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  Alberta offers benefits to adoptive parents to help foster kids find a permanent home
Family Helper editor

(Dec. 8, 2008)    Foster parents have long had financial and practical supports which were denied to adoptive parents. It now looks as if the province of Alberta will offer the same benefits to anyone adopting a child through the public system.

On Nov. 17, 2008 the Alberta government introduced amendments to the Child, Youth and Family Enhancement Act. The new benefits would apply only to children who were in the child-welfare system under permanent guardianship orders. Benefits would last until the child turns 18.

Parents who adopt permanent wards of the provincial government could get from $19 to $32 a day to put toward food and clothing, ten counselling sessions a year and, when they need a break, 24 days of respite care a year.

They would also get up to $280 a month in extra support for a child with emotional or behavioural issues. Those adopting children with Indian status would qualify for a travel allowance so the children could visit their home reserve and keep in touch with their native heritage.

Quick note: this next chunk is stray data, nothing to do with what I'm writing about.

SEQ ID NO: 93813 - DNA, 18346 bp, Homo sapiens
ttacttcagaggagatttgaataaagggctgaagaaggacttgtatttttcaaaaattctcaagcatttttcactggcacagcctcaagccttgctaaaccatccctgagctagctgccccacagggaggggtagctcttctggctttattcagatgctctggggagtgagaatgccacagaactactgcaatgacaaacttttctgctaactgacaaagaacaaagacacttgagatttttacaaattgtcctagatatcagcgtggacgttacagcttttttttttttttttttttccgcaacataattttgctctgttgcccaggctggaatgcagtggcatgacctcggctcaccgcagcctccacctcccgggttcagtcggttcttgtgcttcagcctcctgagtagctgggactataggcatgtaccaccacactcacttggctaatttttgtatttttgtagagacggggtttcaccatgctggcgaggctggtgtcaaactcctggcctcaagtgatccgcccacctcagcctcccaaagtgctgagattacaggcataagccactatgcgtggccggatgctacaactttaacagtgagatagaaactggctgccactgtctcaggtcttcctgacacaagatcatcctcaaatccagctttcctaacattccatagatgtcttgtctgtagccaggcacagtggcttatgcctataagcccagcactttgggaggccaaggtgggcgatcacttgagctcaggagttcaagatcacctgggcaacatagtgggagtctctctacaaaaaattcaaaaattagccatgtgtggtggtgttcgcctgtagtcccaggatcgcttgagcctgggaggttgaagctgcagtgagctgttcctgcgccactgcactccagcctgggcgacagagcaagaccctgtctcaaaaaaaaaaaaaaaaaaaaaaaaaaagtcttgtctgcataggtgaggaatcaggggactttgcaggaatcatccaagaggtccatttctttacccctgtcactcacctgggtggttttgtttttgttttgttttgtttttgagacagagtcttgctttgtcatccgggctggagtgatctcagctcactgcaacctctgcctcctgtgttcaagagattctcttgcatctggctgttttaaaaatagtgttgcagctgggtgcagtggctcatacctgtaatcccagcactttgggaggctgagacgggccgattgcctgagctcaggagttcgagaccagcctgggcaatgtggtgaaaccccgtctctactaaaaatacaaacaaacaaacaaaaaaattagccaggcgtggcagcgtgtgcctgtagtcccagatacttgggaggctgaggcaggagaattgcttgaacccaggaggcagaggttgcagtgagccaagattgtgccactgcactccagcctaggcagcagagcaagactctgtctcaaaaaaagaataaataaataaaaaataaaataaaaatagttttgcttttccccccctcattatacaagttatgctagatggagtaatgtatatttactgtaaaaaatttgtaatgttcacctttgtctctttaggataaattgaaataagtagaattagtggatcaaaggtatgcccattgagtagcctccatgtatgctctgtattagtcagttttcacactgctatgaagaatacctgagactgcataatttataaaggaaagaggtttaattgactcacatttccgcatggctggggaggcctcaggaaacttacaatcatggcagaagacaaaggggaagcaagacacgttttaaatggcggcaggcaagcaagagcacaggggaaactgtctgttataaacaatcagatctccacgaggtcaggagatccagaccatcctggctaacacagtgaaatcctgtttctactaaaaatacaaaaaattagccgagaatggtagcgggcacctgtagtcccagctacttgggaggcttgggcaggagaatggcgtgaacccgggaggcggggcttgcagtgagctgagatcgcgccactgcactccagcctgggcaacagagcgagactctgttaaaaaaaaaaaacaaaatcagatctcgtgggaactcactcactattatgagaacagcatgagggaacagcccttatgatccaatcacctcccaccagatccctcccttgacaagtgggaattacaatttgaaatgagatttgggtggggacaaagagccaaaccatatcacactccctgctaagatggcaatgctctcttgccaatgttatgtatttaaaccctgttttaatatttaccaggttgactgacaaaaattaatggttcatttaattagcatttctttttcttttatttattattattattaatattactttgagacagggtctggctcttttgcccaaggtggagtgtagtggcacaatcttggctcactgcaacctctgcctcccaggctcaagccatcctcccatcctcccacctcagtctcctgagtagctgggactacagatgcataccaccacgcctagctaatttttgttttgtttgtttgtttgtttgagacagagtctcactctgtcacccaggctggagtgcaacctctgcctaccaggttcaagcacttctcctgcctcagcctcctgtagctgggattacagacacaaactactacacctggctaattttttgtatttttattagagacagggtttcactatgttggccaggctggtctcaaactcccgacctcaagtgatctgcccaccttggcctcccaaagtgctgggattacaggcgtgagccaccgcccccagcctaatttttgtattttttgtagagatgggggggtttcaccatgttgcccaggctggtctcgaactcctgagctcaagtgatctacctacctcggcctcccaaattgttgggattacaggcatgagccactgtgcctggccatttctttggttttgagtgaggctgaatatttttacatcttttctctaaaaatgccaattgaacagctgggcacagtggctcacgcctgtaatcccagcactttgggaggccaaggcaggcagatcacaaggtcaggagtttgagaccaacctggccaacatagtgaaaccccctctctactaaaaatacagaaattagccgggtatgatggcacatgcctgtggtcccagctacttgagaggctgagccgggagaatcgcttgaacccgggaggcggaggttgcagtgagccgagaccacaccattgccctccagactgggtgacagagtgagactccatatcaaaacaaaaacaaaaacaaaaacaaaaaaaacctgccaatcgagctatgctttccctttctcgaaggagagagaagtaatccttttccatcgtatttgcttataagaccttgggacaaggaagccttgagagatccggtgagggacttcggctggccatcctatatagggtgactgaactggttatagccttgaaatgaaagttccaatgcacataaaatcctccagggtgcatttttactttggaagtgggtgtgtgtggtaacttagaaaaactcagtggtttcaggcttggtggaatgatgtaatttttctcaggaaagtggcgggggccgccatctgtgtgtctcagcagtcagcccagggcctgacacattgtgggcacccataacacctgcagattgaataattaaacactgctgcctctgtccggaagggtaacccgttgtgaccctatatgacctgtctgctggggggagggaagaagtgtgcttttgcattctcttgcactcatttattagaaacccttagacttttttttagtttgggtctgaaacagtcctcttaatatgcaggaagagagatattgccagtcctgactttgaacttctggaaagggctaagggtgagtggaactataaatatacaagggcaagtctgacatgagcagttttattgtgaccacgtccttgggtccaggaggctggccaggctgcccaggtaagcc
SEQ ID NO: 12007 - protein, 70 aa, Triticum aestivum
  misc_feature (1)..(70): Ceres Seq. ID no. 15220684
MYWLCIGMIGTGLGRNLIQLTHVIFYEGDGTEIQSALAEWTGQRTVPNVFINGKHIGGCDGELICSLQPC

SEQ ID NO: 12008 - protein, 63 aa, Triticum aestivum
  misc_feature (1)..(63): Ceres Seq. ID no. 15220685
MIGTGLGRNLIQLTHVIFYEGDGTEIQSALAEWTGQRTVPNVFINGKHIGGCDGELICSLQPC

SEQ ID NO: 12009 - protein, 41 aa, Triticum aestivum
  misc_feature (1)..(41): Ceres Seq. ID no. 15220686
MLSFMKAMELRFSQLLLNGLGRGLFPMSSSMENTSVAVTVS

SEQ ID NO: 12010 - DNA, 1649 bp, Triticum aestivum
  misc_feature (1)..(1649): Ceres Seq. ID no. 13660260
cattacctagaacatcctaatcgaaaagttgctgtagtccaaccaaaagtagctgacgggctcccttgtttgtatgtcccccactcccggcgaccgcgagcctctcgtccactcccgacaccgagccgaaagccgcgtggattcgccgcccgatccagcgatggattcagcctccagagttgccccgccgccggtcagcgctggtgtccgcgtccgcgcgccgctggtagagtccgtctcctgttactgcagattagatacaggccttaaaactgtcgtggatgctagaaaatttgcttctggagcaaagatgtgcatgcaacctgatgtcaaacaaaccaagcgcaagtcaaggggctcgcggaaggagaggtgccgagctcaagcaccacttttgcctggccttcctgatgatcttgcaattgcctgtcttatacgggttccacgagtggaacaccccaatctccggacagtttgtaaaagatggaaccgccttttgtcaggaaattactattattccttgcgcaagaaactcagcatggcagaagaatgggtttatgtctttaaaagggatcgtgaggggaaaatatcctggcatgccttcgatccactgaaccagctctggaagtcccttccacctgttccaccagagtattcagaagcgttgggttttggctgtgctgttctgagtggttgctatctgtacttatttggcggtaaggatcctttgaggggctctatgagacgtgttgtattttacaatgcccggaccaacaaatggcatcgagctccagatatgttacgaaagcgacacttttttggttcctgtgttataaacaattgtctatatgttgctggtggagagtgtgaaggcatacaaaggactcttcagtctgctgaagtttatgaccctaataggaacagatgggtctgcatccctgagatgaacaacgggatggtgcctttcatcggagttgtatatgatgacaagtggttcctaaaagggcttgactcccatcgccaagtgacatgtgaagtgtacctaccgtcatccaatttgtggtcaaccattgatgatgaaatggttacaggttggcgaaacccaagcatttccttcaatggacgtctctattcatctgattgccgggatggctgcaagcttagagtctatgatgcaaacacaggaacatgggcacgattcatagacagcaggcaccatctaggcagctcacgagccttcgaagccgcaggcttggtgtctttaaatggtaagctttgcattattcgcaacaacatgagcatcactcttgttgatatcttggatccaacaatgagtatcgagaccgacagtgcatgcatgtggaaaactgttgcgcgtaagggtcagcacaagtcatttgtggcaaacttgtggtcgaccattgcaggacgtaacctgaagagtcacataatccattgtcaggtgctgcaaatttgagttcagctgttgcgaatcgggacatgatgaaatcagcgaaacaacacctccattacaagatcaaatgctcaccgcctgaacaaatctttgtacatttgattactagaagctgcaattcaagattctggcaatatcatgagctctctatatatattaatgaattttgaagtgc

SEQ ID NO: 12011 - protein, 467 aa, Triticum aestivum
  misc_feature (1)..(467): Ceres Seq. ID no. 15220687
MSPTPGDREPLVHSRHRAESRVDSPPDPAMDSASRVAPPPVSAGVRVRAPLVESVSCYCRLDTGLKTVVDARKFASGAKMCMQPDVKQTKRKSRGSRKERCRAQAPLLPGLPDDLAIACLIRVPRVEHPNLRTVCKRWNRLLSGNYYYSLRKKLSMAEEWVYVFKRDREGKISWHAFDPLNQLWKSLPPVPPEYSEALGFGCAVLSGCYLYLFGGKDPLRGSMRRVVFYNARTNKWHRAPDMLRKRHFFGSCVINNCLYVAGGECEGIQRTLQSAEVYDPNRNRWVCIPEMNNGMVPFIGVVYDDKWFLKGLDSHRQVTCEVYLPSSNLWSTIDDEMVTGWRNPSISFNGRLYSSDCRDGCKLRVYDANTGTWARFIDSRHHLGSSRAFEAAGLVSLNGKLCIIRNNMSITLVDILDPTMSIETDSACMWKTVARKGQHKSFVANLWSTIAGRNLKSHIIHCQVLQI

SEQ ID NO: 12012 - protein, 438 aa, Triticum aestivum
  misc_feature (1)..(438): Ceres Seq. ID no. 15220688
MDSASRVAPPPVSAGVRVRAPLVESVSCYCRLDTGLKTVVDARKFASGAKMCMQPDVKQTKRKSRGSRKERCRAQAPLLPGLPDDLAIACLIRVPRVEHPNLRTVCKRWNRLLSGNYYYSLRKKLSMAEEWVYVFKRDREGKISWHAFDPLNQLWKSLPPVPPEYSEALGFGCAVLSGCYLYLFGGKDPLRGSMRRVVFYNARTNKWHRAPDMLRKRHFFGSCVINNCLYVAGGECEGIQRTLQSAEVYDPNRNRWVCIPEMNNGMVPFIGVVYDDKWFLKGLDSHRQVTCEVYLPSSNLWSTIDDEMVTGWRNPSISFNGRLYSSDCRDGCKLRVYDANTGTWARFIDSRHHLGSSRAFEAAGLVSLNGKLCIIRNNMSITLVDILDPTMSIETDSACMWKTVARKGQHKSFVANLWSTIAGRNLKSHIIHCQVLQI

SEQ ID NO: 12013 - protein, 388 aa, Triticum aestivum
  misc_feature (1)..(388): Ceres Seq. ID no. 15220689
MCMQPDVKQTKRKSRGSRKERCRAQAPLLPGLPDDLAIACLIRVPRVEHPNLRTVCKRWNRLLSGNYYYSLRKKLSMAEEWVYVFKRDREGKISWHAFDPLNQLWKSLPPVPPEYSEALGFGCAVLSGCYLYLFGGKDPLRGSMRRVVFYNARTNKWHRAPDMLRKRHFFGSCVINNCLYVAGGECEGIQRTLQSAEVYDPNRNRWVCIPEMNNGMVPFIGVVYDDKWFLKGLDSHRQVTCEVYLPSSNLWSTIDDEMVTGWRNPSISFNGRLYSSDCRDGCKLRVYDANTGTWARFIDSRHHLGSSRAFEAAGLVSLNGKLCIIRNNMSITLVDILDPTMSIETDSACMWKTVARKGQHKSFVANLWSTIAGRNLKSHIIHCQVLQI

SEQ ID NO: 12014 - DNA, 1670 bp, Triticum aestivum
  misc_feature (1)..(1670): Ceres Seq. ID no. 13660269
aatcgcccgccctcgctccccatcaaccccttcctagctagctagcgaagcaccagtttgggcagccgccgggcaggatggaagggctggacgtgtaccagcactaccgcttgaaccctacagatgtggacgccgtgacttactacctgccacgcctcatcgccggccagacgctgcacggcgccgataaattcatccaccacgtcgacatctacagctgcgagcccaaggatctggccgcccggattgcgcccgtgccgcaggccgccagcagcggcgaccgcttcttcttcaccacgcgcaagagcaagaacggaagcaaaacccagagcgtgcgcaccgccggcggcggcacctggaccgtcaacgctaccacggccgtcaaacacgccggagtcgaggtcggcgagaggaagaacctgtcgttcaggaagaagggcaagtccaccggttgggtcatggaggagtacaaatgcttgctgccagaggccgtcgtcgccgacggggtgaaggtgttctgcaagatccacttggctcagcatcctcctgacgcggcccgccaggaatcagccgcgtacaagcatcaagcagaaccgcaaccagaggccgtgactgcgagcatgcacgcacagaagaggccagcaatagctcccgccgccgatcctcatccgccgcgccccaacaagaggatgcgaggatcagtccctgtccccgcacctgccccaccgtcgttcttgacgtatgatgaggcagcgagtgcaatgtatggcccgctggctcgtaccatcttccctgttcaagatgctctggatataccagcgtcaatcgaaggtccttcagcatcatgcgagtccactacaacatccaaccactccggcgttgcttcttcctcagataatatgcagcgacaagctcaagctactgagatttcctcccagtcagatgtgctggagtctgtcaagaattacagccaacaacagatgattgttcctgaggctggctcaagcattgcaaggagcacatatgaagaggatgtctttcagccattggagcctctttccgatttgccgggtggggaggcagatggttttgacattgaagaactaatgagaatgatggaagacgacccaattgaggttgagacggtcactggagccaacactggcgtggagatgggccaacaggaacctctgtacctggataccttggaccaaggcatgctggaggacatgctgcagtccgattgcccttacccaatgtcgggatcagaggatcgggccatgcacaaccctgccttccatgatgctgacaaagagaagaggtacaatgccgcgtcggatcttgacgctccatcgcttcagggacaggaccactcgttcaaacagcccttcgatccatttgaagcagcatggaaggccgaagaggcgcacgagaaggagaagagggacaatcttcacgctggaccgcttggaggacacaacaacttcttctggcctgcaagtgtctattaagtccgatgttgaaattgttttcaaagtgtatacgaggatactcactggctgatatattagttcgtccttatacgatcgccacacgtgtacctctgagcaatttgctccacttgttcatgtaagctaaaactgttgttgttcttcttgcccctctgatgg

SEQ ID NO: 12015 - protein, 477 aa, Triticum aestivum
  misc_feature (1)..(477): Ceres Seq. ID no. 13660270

Paula Simons wrote in the Edmonton Journal, Nov. 25, 2008, "The department's new philosophy is that all children who have been in government care have special needs -- not because all foster children have physical or psychological problems but because any child who's been made a permanent ward of the government, for whatever reason, will inevitably have gone through rough times."

She pointed out that the move wouldn't cost in the long run -- taxpayers still have to pay for room and board and counselling for kids in foster care -- and it would give kids in government care a permanent home rather than have them bounce from one foster home to another.

For more on the amendments, see Alberta Children and Youth Services, Nov. 17, 2008, Legislation introduced to strengthen services to children and families.

The Adoption Council of Canada (ACC) applauded Alberta's changes and hoped that other provinces and territories would follow suit and do the same for their children in foster care.

ACC President Sandra Scarth called the move groundbreaking in Canada. The proposed changes indicate a recognition that children's special needs do not miraculously disappear because of a change in status from foster care to adoption. The changes will provide the financial and human supports that adoptive parents have long said they and their children need as they work at forming a new and successful family.

Amounts and types of adoption subsidies vary by province. For a survey of subsidies across the country, see Canadian Adoption Assistance Profiles by the North American Council on Adoptable Children.

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Updated Dec. 8, 2008

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